Whether the U.S. Department of Energy's push for electric generation fuel resilience dampens gas demand or inspires gas infrastructure investment will depend on how the Federal Energy Regulatory Commission interprets the directive, mainly seen as supporting baseload coal and nuclear generation.
The DOE directed FERC to make sure the U.S. power grid puts a higher value on resilience and operators' ability to rebound from major problems. The department specifically highlighted the value of having a 90-day onsite fuel supply, a criterion that is much more readily met by coal and nuclear generators than gas-fired ones.
"In our view, that's a starting point in the discussion," Michael Sloan, a principal with the research and consulting company ICF International, said in an Oct. 17 interview. "Are they going to start to evaluate alternatives to the 90-day onsite fuel supply that would provide the same resiliency benefits? Nobody knows that for sure, but it's logical given the rationale behind the [DOE proposal] that they would or perhaps should be looking at the question more broadly."
For the gas industry, similar resilience might be able to be achieved through requirements for firm pipeline capacity, perhaps on multiple systems; interconnects with multiple systems; or direct access to local gas storage or local gas production, Sloan said on the sidelines of the LDC Gas Forums Rockies and West conference in Broomfield, Colo.
Under a scenario in which FERC and the DOE explore those types of gas resilience options, the industry would probably need to invest in infrastructure redundancy that would help the system cope in the event of a catastrophic incident that takes a significant chunk of infrastructure offline, Sloan said.
"The pipeline companies may see an incremental demand for new investment, and it presumably would be recoverable through rates," Sloan said. "That would give them an opportunity to expand their systems, but it's going to increase the costs to everybody else."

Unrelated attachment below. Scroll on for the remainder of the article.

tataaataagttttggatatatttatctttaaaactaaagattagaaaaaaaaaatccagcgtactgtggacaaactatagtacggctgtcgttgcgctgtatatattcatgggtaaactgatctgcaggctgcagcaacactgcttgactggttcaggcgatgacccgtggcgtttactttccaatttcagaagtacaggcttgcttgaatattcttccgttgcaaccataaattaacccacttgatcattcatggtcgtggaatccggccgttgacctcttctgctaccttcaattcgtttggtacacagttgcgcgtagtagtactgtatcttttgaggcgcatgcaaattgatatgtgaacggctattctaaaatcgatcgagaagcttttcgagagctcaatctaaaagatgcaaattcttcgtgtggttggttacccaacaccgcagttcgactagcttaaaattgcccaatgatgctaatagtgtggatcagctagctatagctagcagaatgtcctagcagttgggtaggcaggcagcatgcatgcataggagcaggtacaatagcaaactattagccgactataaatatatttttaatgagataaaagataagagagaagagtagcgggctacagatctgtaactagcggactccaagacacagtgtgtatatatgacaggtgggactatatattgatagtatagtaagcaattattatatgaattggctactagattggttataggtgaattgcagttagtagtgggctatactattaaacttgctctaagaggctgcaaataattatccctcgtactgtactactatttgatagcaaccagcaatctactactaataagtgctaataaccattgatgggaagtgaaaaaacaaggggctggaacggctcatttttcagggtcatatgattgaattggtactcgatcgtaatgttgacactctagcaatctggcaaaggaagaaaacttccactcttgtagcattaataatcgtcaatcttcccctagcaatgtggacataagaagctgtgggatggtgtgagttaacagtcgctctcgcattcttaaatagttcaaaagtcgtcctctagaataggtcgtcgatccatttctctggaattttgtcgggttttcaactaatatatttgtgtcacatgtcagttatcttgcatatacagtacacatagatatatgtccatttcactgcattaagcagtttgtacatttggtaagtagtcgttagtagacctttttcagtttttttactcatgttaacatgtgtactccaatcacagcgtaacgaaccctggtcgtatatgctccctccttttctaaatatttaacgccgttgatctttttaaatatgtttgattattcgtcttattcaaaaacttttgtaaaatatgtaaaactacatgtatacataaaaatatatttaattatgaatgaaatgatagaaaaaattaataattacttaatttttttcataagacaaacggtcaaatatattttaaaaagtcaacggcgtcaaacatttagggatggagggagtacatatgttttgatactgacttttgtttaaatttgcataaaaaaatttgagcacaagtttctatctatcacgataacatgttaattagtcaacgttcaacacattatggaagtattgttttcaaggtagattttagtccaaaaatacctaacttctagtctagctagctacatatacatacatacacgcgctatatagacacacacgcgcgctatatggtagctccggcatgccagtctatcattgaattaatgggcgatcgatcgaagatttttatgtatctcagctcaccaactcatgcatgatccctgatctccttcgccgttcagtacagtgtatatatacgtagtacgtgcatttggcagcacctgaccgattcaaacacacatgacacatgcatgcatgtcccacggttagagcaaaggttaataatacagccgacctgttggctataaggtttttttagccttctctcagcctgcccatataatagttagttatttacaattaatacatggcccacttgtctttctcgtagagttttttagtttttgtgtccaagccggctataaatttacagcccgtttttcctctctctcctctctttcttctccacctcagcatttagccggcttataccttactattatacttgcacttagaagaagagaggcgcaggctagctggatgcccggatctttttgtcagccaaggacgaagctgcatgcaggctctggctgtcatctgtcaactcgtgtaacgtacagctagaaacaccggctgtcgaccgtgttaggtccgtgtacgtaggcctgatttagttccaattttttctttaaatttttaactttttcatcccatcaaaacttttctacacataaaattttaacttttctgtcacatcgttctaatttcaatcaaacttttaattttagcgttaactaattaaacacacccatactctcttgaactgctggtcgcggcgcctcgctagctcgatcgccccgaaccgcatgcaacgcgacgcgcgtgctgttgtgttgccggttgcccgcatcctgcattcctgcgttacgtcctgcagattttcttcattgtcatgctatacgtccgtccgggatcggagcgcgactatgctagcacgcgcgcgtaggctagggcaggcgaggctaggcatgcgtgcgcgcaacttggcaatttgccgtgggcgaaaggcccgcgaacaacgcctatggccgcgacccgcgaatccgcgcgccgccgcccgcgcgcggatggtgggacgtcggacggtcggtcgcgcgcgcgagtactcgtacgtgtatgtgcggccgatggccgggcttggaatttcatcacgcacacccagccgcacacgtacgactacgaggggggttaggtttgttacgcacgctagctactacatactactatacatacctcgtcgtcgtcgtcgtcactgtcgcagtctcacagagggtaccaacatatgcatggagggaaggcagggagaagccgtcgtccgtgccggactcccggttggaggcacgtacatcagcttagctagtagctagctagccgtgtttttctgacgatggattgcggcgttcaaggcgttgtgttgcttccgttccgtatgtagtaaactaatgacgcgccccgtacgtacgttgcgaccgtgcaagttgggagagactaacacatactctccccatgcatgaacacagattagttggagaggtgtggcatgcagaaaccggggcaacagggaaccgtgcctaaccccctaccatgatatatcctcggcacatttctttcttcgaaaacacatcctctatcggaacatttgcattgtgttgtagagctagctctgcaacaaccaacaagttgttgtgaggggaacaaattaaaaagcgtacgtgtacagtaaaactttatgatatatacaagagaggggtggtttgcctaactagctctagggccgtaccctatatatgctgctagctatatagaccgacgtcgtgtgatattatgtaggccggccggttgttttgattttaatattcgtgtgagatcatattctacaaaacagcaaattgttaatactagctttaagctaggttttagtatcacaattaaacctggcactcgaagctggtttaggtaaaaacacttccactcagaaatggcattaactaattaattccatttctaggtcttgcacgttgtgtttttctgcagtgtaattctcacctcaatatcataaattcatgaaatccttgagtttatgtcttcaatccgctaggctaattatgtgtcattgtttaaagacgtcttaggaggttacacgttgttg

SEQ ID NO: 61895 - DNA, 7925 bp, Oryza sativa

How much gas infrastructure investment the DOE and FERC would consider justified depends heavily on how the DOE evaluates the national security benefits of having a more resilient grid, Sloan added.
Will Brown, vice president of business development at Kinder Morgan Inc., expressed confidence that the gas system's resilience would be able to meet the standards being laid out at the federal level. Between storage and keeping pipes pressurized with adequate gas to meet customer needs, pipeline operators have historically been able to guarantee highly regular supply access, Brown said.
"I think natural gas has extremely good reliability. ... It's the only fuel that's compressible. It operates at different pressures," Brown said on the sidelines of the LDC Gas Forums conference. "When you have line pack and you have natural gas storage, it's awfully hard to argue its reliability. It's not to say that the natural gas industry operates risk-free. It doesn't, but it's got a fairly good track record."
If FERC takes the DOE's interest in onsite fuel storage more literally and begins ensuring that coal and nuclear generators are compensated for their ability to maintain physical fuel supplies nearby, the policy will likely stave off expected coal and nuclear facility retirements, Sloan said. While keeping coal and nuclear facilities online would not necessarily change the degree to which existing gas plants are dispatched to provide power, it would eat into gas' expected gains in the power sector.
"This proposed structure changes the economics of the retirement of the coal and nuclear plants. That would keep those plants online. That would reduce the need for incremental generating capacity," Sloan said. "In the long term, that could lead to a significant reduction in new natural-gas-fired generation capacity, and that will lower the amount of natural gas demand."
For FERC to exclude gas from the resilience discussion would likely require the agency to dive into federal vs. state regulatory issues, Sloan said. California, for instance, has no coal-fired generation and little nuclear power.
"How can you ensure the resiliency of the California power generation market under the current proposed rules unless you start getting into either the questions of natural gas pipeline resiliency or you start pushing the California power grid in a way that's completely counter to where the state has been headed for the last 10 years or more?" Sloan said.
Further complications may arise for regions that are both trying to curb greenhouse gas emissions and are disinclined to add more pipelines. "That's a scenario in which I would expect certain states would be active in legal review of any FERC policies that created incentives for market activity counter to where they're trying to take their states," he said.